3.0.1 • Public • Published


Build Status

Spawn multiple processes and channel their outputs into separate little column views.

multiview title image

This package provides:

  • a CLI tool to spawn multiple processes and concurrently view their output.
  • a Node module to do the same.

And provides the ability to:

  • handle ANSI color output from processes. (Currently does not support cursor position ANSI codes)
  • present all spawned process outputs neatly into columns.
  • choose display efficiency modes.
  • handle process exit codes.
  • initiate multiple instances and aggregate their output.

There are two ways of using multiview: as a CLI tool, or as a Node module:

The CLI Tool: Basic Usage


npm install -g multiview

CLI Usage Example

The CLI tool can spawn multiple processes and will separate their outputs into columns. Just execute the cli command multiview and place each sub-command into its own square brackets [].

The following example will spawn 3 processes, and exit automatically, 4 seconds after the last process exits:

multiview [ ls -l ] [ node --help ] [ find ../ node_modules ] -x 4000
screenshot image

Exit Codes

If any of the spawned processes exit with an error code other than 0, multiview will exit with the first non-zero exit code received once all processes have completed.

Piping within Sub-commands

If you want to pipe together a series of commands and have the output in a single multiview column you'll need to wrap your UNIX pipe in quotes or escape with a backslash.

multiview [ ls -al \| grep '^d' ] [ node --help ] [ ps auxwww '|' grep node ] -x 4000

CLI Usage Example (UNIX Piping)

The CLI tool also supports piping using standard UNIX piping conventions. Just pipe to a new instance of multiview -s/multiview --stream to capture its output. Then execute a final multiview instance to display. Like so:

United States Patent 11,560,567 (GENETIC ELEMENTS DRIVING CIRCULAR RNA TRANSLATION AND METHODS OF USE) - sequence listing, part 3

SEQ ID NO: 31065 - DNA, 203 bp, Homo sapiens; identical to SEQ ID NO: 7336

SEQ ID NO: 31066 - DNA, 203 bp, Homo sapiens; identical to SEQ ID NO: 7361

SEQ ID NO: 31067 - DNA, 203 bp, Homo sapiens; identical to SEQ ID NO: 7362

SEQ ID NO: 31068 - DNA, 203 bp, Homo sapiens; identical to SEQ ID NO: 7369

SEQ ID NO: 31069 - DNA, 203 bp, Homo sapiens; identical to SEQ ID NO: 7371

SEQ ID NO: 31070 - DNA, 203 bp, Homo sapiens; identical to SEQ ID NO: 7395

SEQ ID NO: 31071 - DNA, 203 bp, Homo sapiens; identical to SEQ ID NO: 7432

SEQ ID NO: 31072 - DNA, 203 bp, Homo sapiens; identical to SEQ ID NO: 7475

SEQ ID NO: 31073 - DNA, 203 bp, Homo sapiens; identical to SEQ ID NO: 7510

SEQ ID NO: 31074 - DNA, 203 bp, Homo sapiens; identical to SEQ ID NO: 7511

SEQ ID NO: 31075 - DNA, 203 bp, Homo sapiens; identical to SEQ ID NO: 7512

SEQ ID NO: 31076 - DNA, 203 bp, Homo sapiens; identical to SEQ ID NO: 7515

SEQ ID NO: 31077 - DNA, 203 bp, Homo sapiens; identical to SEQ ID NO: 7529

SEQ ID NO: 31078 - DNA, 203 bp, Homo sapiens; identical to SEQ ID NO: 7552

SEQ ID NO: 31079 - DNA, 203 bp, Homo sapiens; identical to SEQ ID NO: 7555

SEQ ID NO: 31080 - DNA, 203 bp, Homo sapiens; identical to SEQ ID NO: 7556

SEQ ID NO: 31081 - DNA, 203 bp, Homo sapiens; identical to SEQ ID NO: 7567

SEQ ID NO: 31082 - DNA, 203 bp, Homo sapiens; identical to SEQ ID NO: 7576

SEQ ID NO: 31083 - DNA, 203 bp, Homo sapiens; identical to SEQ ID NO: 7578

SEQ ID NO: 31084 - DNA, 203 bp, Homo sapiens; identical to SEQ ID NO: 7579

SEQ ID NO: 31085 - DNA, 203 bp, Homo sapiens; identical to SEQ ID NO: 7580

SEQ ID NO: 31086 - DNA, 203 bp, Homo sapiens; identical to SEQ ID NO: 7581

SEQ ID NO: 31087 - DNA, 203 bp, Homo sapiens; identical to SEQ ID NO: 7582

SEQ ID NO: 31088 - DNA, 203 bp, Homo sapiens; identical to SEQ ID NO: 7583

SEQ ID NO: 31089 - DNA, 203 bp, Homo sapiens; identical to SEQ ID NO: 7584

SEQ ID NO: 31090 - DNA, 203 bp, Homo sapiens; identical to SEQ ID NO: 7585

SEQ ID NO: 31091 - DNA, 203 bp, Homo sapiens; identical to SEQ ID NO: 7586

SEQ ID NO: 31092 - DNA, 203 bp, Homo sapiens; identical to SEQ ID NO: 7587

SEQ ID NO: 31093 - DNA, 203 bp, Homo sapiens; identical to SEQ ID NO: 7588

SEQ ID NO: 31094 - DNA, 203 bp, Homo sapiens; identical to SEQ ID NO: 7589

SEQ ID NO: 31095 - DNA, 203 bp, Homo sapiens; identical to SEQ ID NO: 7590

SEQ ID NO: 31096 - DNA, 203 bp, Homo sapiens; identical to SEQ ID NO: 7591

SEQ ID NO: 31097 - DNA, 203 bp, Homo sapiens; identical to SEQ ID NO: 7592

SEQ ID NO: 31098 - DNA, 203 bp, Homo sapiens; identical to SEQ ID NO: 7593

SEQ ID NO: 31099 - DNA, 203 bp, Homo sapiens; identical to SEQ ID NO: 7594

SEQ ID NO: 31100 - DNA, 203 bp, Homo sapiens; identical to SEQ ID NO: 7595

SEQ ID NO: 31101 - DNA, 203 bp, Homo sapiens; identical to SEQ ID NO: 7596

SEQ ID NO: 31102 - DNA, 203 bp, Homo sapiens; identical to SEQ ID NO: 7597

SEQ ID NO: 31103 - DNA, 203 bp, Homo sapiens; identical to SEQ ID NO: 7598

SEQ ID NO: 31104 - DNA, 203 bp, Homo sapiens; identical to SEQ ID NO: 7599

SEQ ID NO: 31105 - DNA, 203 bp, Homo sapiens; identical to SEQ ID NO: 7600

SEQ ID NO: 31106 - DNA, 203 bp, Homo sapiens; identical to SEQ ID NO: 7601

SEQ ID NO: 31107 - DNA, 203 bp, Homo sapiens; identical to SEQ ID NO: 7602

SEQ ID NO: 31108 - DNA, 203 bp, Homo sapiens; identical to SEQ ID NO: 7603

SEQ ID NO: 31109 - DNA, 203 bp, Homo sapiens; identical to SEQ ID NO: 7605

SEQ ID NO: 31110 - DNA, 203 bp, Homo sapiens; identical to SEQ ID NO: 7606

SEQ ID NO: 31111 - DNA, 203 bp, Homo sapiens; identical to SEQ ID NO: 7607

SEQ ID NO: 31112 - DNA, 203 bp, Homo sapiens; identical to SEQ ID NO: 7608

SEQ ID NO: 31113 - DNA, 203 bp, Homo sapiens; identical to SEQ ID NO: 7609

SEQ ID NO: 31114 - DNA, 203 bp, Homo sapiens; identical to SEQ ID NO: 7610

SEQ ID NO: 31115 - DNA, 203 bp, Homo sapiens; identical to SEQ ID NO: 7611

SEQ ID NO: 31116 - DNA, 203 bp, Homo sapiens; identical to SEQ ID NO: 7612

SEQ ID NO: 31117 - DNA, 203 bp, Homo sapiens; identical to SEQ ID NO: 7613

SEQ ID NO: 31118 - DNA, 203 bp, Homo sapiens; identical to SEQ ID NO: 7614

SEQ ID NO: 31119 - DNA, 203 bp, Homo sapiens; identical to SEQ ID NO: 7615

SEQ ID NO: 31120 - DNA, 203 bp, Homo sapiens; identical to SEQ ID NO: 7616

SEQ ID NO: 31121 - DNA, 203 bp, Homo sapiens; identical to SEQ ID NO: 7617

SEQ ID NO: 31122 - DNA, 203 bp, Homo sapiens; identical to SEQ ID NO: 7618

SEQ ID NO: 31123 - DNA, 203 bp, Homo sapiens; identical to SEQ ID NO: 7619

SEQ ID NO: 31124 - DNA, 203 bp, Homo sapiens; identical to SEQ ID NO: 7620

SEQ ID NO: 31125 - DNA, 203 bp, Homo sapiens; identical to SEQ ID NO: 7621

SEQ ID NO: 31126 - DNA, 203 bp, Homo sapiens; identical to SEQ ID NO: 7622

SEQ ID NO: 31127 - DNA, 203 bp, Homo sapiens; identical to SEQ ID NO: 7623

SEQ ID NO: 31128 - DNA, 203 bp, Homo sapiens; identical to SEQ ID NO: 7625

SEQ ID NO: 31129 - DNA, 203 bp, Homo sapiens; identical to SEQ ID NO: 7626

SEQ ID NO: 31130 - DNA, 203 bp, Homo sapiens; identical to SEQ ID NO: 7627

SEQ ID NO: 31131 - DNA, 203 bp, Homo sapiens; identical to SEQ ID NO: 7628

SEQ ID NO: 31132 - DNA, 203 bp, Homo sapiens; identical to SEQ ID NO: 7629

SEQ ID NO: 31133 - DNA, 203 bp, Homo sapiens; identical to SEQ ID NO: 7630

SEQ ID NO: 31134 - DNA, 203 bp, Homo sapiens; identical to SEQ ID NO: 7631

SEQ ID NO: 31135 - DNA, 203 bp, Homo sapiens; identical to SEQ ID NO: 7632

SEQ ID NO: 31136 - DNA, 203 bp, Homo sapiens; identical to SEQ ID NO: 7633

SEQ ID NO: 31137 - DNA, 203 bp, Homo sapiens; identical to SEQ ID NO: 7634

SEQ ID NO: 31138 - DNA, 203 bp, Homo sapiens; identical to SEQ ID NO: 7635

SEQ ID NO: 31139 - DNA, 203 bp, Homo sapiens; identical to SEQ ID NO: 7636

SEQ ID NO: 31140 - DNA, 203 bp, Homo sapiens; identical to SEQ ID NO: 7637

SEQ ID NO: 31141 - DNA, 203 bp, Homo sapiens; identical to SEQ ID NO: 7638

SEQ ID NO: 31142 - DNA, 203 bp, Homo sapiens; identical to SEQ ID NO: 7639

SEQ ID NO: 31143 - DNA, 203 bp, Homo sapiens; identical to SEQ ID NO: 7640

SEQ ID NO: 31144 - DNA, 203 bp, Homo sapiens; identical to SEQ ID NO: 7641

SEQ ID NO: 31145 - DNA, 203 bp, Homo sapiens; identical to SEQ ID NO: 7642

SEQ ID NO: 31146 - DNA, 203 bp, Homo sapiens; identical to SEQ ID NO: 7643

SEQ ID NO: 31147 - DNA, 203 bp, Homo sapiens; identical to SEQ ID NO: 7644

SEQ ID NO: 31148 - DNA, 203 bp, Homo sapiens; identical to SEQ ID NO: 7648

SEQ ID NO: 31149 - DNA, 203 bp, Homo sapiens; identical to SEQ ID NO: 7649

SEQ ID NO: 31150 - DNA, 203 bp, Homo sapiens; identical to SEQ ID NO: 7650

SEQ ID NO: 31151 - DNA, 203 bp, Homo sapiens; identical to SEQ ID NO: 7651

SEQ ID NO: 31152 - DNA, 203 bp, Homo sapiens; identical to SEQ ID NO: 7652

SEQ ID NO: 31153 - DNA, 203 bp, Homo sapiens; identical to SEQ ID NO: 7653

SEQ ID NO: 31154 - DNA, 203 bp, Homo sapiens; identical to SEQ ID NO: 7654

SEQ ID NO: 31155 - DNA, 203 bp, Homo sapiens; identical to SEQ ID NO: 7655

(ls -l | multiview -s) & (node --help | multiview -s) & (find ../ node_modules | multiview -s) & multiview

Note: This method can't capture process name, exit codes, and can't differentiate between stdout/stderr.

The CLI Tool: Advanced Usage

Basic usage should be enough for most. But there are a few options available for more advance use cases.


Option: --autoexit, -x [delay]

By default, multiview will stay open until the user presses q or ctrl+c.

When this option is set, multiview will automatcially exit with an error code. The error code is determined by the first non-zero exit code received from a spawned process. If all processes exit with no errors (0), multiview will also exit with 0. This is great for use with continuous integration systems and testing.

Optionally provide a number (in milliseconds) for how long to wait to exit after the last process has finished.

multiview [ ls -l ] [ node --help ] [ find ../ node_modules ] -x 5000

Print Logs

Option: --print, -p

By default, multiview will exit back to the terminal view before it was launched, hiding all column output.

When the print option is set, multiview will print the output of each process linearly to the terminal. This is useful for troubleshooting during testing.

Efficient Mode

Option: --efficient, -e

By default, when the output column of a process gets filled to the bottom, all previous output is pushed up, just like you'd expect from a standard terminal. This is, however, quite inefficient to render, though that inefficiency is generally not felt by most users.

However, if you are connected remotely and bandwidth is an issue, or if you are spawning processes with a lot of output that can be taxing to print to the terminal – there are multiple processes writing non-linearly to the screen after all – it is recommended you set multiview to efficient mode. This option resets the cursor at the top of the column when output reaches the bottom of the output column.

multiview [ ls -l ] [ node --help ] [ find ../ node_modules ] -e

Buffer Size

Option: --buffer, -b

The number of lines that are buffered to be rendered at a time is set using the buffer option. This can speed up the printing of really long outputs. The same value sets the number of lines that are printed with the print option.